We didn’t know it Tuesday night, but winning the UNC Greensboro game without Trevon Brazile for more than half the game was just the beginning of some adversity.
Brazile left the the game at the 7:30 mark of the first half after his knee buckled, and he crumpled to the floor. He never returned, but the SEC broadcast crew reported just before the first half that the injury is “not one that will be long term.”
That report didn’t age well. On Wednesday, Arkansas announced Brazile was out for the season with a torn ACL.
The news was a blow for sure. SEC Network’s Dane Bradshaw called the Springfield, Mo., native and Missouri transfer “the most improved player in the SEC” before he injured his knee. The 6-foot-10 sophomore has proven to be a dynamic spark off the bench, and we will never forget his highlight reel dunk that is one of the best throw-downs in Bud Walton Arena history.
Silver Lining from Tuesday’s Game
The good news for the Hogs Tuesday night was they did have star freshman guard Nick Smith Jr. in the lineup. Arkansas trailed UNCG 26-21 at halftime and shot a season-worst 9 of 30 from the field and were also 0 of 8 from the 3-point line. However, as Smith did so many times just a year ago at North Little Rock High School, the McDonald’s All-American put the team on his back and scored 16 of his 22 points in the second half to pull out the win. The beginning of that run came with less than a minute gone in the second half, when Smith nailed the Hogs’ first 3-pointer of the game and cut the Greensboro lead to two.
It was his conventional 3-point play following a steal with just over a minute to play that sealed the game.
“Basically, we tried to turn them over,” Smith told the media following the game. “We tried to get some stops. Tried to get buckets, and that’s what we did.”
Smith was 9 of 11 from the free throw line, helping bolster the 23-of-27 team total for the half.
Arkansas trailed the Spartans 49-46, but the Hogs finished the remaining 5:37 on a 19-9 run.
“All the credit goes to UNCG from a defensive standpoint, but we had a lot of guys just not play as well as they have been,” head coach Eric Musselman said. “And they all kind of did it in one game. Not all, but many.
“But I thought down the stretch our guys played composed.”
Nick Smith Jr., Others Step Up for Arkansas Basketball
Make no mistake, beating the 4-6 Spartans 65-58 isn’t good news, but Hog fans should be encouraged that when circumstances were tough, the team responded in the second half. When Arkansas needed a play (like the late three-point play), Smith responded.
Smith was playing in just his third game of the season battling a minor knee injury, and it is hard to really count the first game against Troy because he only made a cameo appearance. The good news for Hogs fans is Arkansas was more than competitive without Smith and turned in a nice showing at the Maui Invitational.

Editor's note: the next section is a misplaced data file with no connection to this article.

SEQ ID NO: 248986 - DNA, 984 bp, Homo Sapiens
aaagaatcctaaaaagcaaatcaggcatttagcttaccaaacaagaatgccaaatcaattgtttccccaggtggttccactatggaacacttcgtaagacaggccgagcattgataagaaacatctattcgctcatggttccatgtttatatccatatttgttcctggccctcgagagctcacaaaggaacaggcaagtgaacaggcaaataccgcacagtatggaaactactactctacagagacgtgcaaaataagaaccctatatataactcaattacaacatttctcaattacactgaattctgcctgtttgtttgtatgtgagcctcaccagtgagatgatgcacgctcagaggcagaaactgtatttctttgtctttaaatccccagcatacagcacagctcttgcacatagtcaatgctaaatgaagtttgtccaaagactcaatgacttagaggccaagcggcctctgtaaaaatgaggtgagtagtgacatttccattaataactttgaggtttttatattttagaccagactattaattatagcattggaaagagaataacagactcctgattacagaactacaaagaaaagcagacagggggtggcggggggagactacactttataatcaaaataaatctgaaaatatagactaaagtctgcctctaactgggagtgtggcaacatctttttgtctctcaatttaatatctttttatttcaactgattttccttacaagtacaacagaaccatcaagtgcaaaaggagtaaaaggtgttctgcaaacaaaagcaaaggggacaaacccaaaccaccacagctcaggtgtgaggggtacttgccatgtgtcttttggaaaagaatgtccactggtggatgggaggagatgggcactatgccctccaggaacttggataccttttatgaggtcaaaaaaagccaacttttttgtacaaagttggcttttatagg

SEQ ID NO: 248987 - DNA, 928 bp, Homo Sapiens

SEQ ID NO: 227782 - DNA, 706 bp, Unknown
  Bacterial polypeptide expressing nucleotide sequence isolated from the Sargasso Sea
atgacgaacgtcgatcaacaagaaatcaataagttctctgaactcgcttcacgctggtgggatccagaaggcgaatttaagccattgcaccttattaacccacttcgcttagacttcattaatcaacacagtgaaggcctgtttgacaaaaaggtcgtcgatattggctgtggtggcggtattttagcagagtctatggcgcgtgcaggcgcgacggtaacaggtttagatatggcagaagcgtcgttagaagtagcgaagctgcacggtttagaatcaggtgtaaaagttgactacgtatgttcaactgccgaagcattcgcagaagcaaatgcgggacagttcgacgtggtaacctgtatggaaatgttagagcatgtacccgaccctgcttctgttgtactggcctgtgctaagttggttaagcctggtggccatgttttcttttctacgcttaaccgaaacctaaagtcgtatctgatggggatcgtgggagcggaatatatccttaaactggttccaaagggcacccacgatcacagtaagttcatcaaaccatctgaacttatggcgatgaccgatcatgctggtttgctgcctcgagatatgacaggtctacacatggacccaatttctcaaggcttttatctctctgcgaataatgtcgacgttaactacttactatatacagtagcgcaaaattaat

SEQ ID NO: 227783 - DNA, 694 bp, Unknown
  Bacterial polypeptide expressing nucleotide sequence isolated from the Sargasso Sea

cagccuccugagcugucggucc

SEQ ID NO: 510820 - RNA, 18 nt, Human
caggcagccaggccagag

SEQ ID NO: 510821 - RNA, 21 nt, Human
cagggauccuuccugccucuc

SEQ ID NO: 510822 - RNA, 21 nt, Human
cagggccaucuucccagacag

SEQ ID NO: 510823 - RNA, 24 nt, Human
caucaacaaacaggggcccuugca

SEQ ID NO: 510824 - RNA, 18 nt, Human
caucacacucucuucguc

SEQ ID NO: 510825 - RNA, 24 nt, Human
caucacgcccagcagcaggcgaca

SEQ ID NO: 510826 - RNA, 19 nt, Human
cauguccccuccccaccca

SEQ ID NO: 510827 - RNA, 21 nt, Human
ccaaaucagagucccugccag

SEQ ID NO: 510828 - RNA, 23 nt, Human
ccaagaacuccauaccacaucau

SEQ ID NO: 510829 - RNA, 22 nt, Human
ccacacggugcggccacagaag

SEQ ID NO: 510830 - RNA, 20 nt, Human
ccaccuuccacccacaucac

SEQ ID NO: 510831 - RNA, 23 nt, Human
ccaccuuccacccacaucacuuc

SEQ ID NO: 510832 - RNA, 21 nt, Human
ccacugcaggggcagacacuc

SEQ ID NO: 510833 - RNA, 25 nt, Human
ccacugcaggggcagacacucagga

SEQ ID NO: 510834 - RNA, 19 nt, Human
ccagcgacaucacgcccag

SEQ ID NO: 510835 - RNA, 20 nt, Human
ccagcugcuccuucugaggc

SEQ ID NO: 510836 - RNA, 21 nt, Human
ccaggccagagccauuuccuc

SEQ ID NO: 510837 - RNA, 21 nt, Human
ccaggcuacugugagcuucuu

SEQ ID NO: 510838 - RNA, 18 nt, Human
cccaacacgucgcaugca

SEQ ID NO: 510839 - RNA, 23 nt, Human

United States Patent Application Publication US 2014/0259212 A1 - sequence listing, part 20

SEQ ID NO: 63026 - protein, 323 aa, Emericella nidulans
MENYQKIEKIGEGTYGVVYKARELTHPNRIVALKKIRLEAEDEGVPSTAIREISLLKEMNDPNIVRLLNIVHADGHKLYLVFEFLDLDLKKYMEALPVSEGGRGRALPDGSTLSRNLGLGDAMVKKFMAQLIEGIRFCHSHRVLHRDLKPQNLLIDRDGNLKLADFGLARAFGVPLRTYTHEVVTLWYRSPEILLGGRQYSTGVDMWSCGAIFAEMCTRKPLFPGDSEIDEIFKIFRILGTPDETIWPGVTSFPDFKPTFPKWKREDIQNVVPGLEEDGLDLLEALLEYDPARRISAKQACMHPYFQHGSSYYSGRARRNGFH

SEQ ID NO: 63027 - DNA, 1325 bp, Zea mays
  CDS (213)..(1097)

My comment after that tournament was, “If the Hogs are this good without Smith, think about what happens when they get him back.” He’s a special player, and I saw that first-hand while covering him at North Little Rock. He will also only get better as he gets his legs under him and what he did in the second half to help pull out a win on a night where not much was going right for the first 20 minutes was only scratching the surface.
The other comforting thing for Arkansas fans is Smith won’t have to carry the burden of losing Brazile alone. Musselman and the staff has stockpiled this roster with talent. Wichita State transfer Rickey Council IV is way better than most expected, leading the SEC in scoring. He scored all eight of his points in the second half to also help fuel the win.
Arkansas got 13 points, 14 rebounds and 4 blocks from senior transfer Makhi Mitchell, as well, which was also encouraging in the absence of Brazile.
“I was kind of scared, honestly, just because of how (Brazile) went down, and that’s just my brother,” Mitchell said. “We just stayed the course. Next man up.”
If Smith’s ascension to superstardom is the biggest key to this young Arkansas team making a deep run in the NCAA Tournament, the consistency of junior guard Davonte “Devo” Davis may be the second-most important. So far, in his career, Davis has shown a knack for coming off the bench and sparking Arkansas. He has also made a habit of inconsistency. The Jacksonville product is a potential stat sheet stuffer who can shoot, pass and rebound, but he isn’t always able to produce at a high level in all three facets at once.
With Brazile benched Tuesday night, Davis, who took a brief leave from the team earlier this month, did turn in an all-around performance guarding some of Greensboro’s big men, even though he is only 6-foot-4, and totaled 10 points, 10 rebounds and 3 steals.
“We had Devo guarding some (power forwards) and we played him out of position just because we’re kind of doing stuff on the fly with T.B. getting injured,” Musselman said. “But I thought his energy was phenomenal, crashing the glass at his size. Getting 10 boards was awesome.”
What it Means Moving Forward
If Davis could do that every night and maybe make a few three-pointers, or just stop shooting them and rely on his mid-range game while not forcing things offensively, Arkansas could be a Final Four team. With improvements from Davis, Smith, Jordan Walsh, the Mitchell twins and others, the Razorbacks should remain nearly as dangerous as they were with Brazile in the last month.
I definitely don’t think Arkansas basketball should be downgraded to national title “pretender” status, as former Butler head coach LaVall Jordan and former Florida Gator Patric Young did in the “Field of 68” video below.
I have seen what a fully healthy Smith is capable of and, with him leading the way, I don’t think expectations for this team should change even with Brazile’s absence.
Young starts sharing his take on Arkansas without Brazile at 1:10 below:
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